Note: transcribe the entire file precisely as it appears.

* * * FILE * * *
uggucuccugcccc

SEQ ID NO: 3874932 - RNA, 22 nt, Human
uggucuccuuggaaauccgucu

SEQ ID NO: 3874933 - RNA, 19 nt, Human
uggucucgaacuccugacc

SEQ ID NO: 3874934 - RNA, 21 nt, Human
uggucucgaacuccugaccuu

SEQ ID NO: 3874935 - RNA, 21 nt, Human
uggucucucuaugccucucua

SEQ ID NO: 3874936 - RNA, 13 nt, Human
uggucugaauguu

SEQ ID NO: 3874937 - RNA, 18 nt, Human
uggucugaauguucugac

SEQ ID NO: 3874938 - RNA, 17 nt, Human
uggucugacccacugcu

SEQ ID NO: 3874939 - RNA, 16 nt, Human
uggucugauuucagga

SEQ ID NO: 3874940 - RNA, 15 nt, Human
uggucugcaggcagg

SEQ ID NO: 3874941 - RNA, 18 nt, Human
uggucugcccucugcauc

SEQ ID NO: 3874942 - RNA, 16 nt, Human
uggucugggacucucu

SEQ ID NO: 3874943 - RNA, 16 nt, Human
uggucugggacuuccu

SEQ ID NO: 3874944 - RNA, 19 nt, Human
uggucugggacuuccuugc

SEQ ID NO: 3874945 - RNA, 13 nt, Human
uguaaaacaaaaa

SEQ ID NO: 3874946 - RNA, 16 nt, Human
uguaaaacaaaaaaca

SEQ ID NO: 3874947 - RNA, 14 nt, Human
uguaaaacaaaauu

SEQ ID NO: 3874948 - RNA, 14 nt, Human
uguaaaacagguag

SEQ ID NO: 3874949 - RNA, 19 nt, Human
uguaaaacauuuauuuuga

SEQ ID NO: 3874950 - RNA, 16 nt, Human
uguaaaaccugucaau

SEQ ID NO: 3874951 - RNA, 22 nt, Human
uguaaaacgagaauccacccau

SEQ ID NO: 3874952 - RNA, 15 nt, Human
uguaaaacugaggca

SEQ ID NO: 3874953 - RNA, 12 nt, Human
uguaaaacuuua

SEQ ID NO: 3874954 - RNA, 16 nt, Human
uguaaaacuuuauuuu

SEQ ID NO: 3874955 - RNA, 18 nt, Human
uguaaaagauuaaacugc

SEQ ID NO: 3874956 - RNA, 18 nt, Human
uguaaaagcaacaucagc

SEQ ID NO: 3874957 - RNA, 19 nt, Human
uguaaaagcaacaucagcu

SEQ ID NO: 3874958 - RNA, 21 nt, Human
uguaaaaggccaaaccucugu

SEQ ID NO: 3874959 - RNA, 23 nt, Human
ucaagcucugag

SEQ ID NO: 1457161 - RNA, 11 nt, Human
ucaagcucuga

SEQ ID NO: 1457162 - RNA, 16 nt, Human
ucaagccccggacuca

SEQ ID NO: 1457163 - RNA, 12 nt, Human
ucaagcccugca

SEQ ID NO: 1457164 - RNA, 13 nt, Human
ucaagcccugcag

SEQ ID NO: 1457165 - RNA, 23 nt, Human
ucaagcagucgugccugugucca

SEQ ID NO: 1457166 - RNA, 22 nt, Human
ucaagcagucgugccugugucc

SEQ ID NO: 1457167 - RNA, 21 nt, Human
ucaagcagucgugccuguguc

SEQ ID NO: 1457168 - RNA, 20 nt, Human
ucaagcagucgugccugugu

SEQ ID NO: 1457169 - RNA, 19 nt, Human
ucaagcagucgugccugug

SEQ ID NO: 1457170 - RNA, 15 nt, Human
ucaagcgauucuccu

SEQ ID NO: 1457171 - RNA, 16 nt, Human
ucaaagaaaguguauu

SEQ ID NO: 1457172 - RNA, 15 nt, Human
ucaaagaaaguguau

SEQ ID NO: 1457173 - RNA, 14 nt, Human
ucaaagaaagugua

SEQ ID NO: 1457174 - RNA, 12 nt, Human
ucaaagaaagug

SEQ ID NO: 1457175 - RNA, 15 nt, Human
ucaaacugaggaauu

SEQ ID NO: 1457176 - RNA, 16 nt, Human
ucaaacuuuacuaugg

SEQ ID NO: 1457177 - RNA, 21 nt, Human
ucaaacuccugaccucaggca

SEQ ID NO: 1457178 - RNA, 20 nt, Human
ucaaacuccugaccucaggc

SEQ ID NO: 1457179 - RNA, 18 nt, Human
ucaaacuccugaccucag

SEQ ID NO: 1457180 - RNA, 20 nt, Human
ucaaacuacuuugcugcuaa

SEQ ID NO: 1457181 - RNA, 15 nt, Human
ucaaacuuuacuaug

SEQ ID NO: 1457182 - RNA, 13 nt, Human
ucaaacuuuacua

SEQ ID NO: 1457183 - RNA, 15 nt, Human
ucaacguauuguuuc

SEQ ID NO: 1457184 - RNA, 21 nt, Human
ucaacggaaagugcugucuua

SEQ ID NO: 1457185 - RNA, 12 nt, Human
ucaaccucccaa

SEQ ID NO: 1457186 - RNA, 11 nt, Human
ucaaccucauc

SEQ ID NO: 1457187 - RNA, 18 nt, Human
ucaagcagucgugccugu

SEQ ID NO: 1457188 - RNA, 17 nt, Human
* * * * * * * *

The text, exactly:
uggucuccugcccc

SEQ ID NO: 3874932 - RNA, 22 nt, Human
uggucuccuuggaaauccgucu

SEQ ID NO: 3874933 - RNA, 19 nt, Human
uggucucgaacuccugacc

SEQ ID NO: 3874934 - RNA, 21 nt, Human
uggucucgaacuccugaccuu

SEQ ID NO: 3874935 - RNA, 21 nt, Human
uggucucucuaugccucucua

SEQ ID NO: 3874936 - RNA, 13 nt, Human
uggucugaauguu

SEQ ID NO: 3874937 - RNA, 18 nt, Human
uggucugaauguucugac

SEQ ID NO: 3874938 - RNA, 17 nt, Human
uggucugacccacugcu

SEQ ID NO: 3874939 - RNA, 16 nt, Human
uggucugauuucagga

SEQ ID NO: 3874940 - RNA, 15 nt, Human
uggucugcaggcagg

SEQ ID NO: 3874941 - RNA, 18 nt, Human
uggucugcccucugcauc

SEQ ID NO: 3874942 - RNA, 16 nt, Human
uggucugggacucucu

SEQ ID NO: 3874943 - RNA, 16 nt, Human
uggucugggacuuccu

SEQ ID NO: 3874944 - RNA, 19 nt, Human
uggucugggacuuccuugc

SEQ ID NO: 3874945 - RNA, 13 nt, Human
uguaaaacaaaaa

SEQ ID NO: 3874946 - RNA, 16 nt, Human
uguaaaacaaaaaaca

SEQ ID NO: 3874947 - RNA, 14 nt, Human
uguaaaacaaaauu

SEQ ID NO: 3874948 - RNA, 14 nt, Human
uguaaaacagguag

SEQ ID NO: 3874949 - RNA, 19 nt, Human
uguaaaacauuuauuuuga

SEQ ID NO: 3874950 - RNA, 16 nt, Human
uguaaaaccugucaau

SEQ ID NO: 3874951 - RNA, 22 nt, Human
uguaaaacgagaauccacccau

SEQ ID NO: 3874952 - RNA, 15 nt, Human
uguaaaacugaggca

SEQ ID NO: 3874953 - RNA, 12 nt, Human
uguaaaacuuua

SEQ ID NO: 3874954 - RNA, 16 nt, Human
uguaaaacuuuauuuu

SEQ ID NO: 3874955 - RNA, 18 nt, Human
uguaaaagauuaaacugc

SEQ ID NO: 3874956 - RNA, 18 nt, Human
uguaaaagcaacaucagc

SEQ ID NO: 3874957 - RNA, 19 nt, Human
uguaaaagcaacaucagcu

SEQ ID NO: 3874958 - RNA, 21 nt, Human
uguaaaaggccaaaccucugu

SEQ ID NO: 3874959 - RNA, 23 nt, Human
ucaagcucugag

SEQ ID NO: 1457161 - RNA, 11 nt, Human
ucaagcucuga

SEQ ID NO: 1457162 - RNA, 16 nt, Human
ucaagccccggacuca

SEQ ID NO: 1457163 - RNA, 12 nt, Human
ucaagcccugca

SEQ ID NO: 1457164 - RNA, 13 nt, Human
ucaagcccugcag

SEQ ID NO: 1457165 - RNA, 23 nt, Human
ucaagcagucgugccugugucca

SEQ ID NO: 1457166 - RNA, 22 nt, Human
ucaagcagucgugccugugucc

SEQ ID NO: 1457167 - RNA, 21 nt, Human
ucaagcagucgugccuguguc

SEQ ID NO: 1457168 - RNA, 20 nt, Human
ucaagcagucgugccugugu

SEQ ID NO: 1457169 - RNA, 19 nt, Human
ucaagcagucgugccugug

SEQ ID NO: 1457170 - RNA, 15 nt, Human
ucaagcgauucuccu

SEQ ID NO: 1457171 - RNA, 16 nt, Human
ucaaagaaaguguauu

SEQ ID NO: 1457172 - RNA, 15 nt, Human
ucaaagaaaguguau

SEQ ID NO: 1457173 - RNA, 14 nt, Human
ucaaagaaagugua

SEQ ID NO: 1457174 - RNA, 12 nt, Human
ucaaagaaagug

SEQ ID NO: 1457175 - RNA, 15 nt, Human
ucaaacugaggaauu

SEQ ID NO: 1457176 - RNA, 16 nt, Human
ucaaacuuuacuaugg

SEQ ID NO: 1457177 - RNA, 21 nt, Human
ucaaacuccugaccucaggca

SEQ ID NO: 1457178 - RNA, 20 nt, Human
ucaaacuccugaccucaggc

SEQ ID NO: 1457179 - RNA, 18 nt, Human
ucaaacuccugaccucag

SEQ ID NO: 1457180 - RNA, 20 nt, Human
ucaaacuacuuugcugcuaa

SEQ ID NO: 1457181 - RNA, 15 nt, Human
ucaaacuuuacuaug

SEQ ID NO: 1457182 - RNA, 13 nt, Human
ucaaacuuuacua

SEQ ID NO: 1457183 - RNA, 15 nt, Human
ucaacguauuguuuc

SEQ ID NO: 1457184 - RNA, 21 nt, Human
ucaacggaaagugcugucuua

SEQ ID NO: 1457185 - RNA, 12 nt, Human
ucaaccucccaa

SEQ ID NO: 1457186 - RNA, 11 nt, Human
ucaaccucauc

SEQ ID NO: 1457187 - RNA, 18 nt, Human
ucaagcagucgugccugu

SEQ ID NO: 1457188 - RNA, 17 nt, Human